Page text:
In order to gain a better understanding of the genetic architecture of CMI, we conducted a whole genome linkage screen using a collection of 66 nonsyndromic families with at least two sampled individuals presenting with CMI with or without syringomyelia. It was hypothesized that the limited evidence for linkage across all 66 families collectively was due to genetic heterogeneity and may be associated with the phenotypic variability observed. Based on the co-occurrence of CMI and CTDs, families were stratified by CTD related conditions in order to identify phenotypically and potentially genetically more homogeneous groups of families for linkage analysis. Stratified analyses identified multiple genomic regions showing increased evidence for linkage consistent with reduced genetic heterogeneity across families as a result of the CTD related stratification criteria. Furthermore, several plausible disease genes were identified as discussed in detail below.
Prior to describing our most significant results, it is important to relate our findings to the only other whole genome linkage screen conducted to date which implicated regions on chromosomes 9 and 15 
. We only identified suggestive evidence for linkage to the region on chromosome 9 within our CTD-positive group of families. Importantly, 12/66 of our total families and 7/34 CTD-positive families overlap with the families used in the initial screen conducted by Boyles and colleagues; therefore, these results do not provide independent replication for this region. Lack of replication for chromosome 15 could be due to the use of: 1) different genotyping chips (Illumina Human610-Quad BeadChips versus Affymetrix 10K SNP Chip) and marker quality control procedures, 2) different linkage software packages (Merlin versus Allegro; e.g. different with respect to an error detection option and accounting for inter-marker LD) and genetic models (penetrance function and S scoring function), 3) additional families which are likely genetically heterogeneous, and/or 4) different analytical approaches (stratified analyses). While the original finding could be a false positive, it is equally possible that as additional families are collected and other approaches to reduce genetic heterogeneity are applied to the data this region may present again as a promising candidate genomic interval warranting follow-up.
While we presented linkage results within the subsets of both CTD-positive and CTD-negative families, the focus of the current paper has been on the CTD-negative families as these are thought to represent more “classical” CMI due to cranial constriction and also resulted in the identification of the only genomic region with a maximum LOD score exceeding 3. The most significant of our findings implicated the growth differentiation factors, GDF6 and GDF3, both of which had been previously implicated in KFS 
which is characterized by cervical vertebral fusion and may be associated with a wide range of conditions including renal abnormalities, cardiovascular abnormalities, orthopedic anomalies, pulmonary problems, deafness, and synkinesia 
. Interestingly, roughly 3–5% of CMI patients are diagnosed with KFS 
, suggesting a shared genetic etiology between these disorders. Further, it has been proposed that KFS and CMI should be classified as post-otic neural crest syndromes, thus sharing a common cellular etiology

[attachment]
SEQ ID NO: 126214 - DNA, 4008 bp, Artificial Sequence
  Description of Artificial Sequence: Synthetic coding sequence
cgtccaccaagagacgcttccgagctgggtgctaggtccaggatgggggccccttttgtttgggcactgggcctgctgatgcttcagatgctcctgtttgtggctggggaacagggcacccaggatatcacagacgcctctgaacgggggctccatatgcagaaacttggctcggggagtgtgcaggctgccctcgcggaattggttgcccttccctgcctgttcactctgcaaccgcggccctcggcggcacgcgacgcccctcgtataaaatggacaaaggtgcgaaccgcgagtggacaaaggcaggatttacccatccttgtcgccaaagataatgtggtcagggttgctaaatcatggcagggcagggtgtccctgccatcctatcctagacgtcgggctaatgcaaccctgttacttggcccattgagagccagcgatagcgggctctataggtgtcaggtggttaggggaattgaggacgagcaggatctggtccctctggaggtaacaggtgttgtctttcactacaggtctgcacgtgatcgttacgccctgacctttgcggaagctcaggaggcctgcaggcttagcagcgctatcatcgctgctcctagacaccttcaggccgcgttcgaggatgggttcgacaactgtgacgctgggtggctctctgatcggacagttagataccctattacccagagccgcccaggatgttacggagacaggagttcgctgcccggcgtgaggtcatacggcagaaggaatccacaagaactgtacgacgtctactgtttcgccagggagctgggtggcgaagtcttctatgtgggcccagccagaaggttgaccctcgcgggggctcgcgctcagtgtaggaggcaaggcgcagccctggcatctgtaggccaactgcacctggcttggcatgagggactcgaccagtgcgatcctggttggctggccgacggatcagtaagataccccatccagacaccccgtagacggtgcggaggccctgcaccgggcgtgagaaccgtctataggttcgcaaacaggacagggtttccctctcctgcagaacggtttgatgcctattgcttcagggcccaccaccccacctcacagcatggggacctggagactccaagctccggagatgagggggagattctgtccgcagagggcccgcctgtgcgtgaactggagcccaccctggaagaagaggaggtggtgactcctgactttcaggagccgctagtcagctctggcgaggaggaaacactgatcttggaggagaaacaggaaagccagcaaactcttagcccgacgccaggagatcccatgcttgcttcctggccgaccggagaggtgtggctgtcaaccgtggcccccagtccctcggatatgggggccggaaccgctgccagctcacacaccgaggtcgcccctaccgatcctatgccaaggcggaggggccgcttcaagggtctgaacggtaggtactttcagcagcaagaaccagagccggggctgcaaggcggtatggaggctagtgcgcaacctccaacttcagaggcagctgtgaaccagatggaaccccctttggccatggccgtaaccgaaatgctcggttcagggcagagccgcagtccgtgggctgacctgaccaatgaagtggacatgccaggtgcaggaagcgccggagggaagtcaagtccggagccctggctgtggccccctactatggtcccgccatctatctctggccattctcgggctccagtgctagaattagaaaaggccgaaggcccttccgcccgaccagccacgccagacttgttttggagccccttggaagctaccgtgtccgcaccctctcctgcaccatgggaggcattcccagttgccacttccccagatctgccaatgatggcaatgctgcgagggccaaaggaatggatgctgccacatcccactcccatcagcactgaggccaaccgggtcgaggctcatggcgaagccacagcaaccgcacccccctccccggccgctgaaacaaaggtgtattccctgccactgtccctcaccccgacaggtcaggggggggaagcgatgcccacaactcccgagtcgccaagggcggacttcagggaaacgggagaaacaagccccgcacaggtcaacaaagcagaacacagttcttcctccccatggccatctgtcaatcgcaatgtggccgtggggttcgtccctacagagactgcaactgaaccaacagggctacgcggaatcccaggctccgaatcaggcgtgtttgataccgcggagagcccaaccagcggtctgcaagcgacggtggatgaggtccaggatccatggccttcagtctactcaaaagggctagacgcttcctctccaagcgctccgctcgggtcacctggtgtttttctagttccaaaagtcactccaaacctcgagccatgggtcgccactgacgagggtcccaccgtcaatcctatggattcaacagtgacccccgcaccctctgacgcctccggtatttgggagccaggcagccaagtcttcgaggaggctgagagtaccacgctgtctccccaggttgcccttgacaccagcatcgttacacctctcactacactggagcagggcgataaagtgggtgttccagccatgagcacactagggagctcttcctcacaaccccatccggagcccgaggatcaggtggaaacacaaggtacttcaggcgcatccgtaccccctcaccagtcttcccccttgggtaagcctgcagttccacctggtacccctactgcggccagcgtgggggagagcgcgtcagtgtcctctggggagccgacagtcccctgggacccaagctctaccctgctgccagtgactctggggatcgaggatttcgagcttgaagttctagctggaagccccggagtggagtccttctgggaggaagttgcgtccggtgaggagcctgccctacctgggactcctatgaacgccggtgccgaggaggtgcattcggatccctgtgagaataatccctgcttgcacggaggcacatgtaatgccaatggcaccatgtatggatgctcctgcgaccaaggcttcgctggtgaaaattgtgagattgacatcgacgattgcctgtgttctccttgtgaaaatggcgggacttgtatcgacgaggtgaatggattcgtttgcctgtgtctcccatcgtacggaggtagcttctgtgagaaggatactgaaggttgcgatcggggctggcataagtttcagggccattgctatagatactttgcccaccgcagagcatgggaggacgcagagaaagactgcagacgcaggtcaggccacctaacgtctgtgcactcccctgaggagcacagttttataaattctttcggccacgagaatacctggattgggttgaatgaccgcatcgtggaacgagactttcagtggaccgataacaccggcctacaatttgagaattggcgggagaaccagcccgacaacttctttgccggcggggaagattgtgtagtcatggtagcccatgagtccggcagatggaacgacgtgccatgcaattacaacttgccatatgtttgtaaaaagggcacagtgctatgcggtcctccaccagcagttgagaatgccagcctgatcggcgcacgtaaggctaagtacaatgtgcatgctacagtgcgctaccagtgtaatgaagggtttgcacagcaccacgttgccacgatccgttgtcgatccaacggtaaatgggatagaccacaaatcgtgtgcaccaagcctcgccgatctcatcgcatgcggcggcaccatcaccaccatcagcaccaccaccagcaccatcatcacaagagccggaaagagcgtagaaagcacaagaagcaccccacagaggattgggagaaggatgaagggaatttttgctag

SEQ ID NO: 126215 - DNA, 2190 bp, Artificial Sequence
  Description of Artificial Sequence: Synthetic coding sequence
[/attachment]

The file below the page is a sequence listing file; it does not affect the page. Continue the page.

. Although the exact relationship between these disorders is unknown, one possibility is that CMI and KFS may be allelic disorders. In order to investigate this possibility, GDF3 and GDF6 were sequenced in a collection of CMI patients from our linkage families. While GDF3 still presents as an intriguing biological candidate and additional sequencing of potential regulatory elements may yield putative disease variants, no variants of obvious significance were identified in this study. However, several interesting variants were identified in GDF6. A previously identified KFS mutation, A249E (rs121909352), was found in two of our CMI families. The functional effect of this mutation has been determined previously in-vitro
. Asai-Coakwell and colleagues evaluated changes to bone morphogenetic protein (BMP) signaling by co-transfecting an expression construct with the A249E mutation and a Sex determining region Y-box 9 (SOX-9)-responsive reporter gene into primary limb mesenchymal cells and assessed SOX-9 reporter activity 
. Reduced activation of the reporter was observed (p<0.034), suggesting altered chondrogenic potential 
. In addition, a 23% reduction in secreted mature GDF6 protein expression was observed for the mutant as determined by Western blot analysis 
Although there is evidence for a functional effect, the expression of A249E is complex with previous evidence of pleiotropy (ocular versus skeletal phenotypes), variable expressivity (e.g. coloboma versus microphthalmia), and reduced penetrance 
. Consistent with these reports, we also observe variable expressivity within our CMI families (CMI with syringomyelia versus CM0). In fact, the identification of A249E in both CMI and a suspected CM0 individual within the same family (9453) further supports the hypothesis that these disorders share an underlying genetic basis and represent part of a continuum of Chiari phenotypes 
. Although A249E is not necessary to cause disease in either of these families, it still likely contributes to disease presentation together with additional genetic and potentially environmental factors.
Additional variants of interest from our study include two intronic GDF6 variants, rs140757891 and a novel SNP, g.406+2780C>T. ChIP-seq data from a small number of cell lines indicate that both variants are located within predicted targets of SUZ12, a polycomb protein involved in epigenetic silencing of developmental genes. Interestingly, haploinsufficient SUZ12 mice exhibit cerebellar herniation, as well as spina bifida, an enlarged brainstem, and occipital cortical changes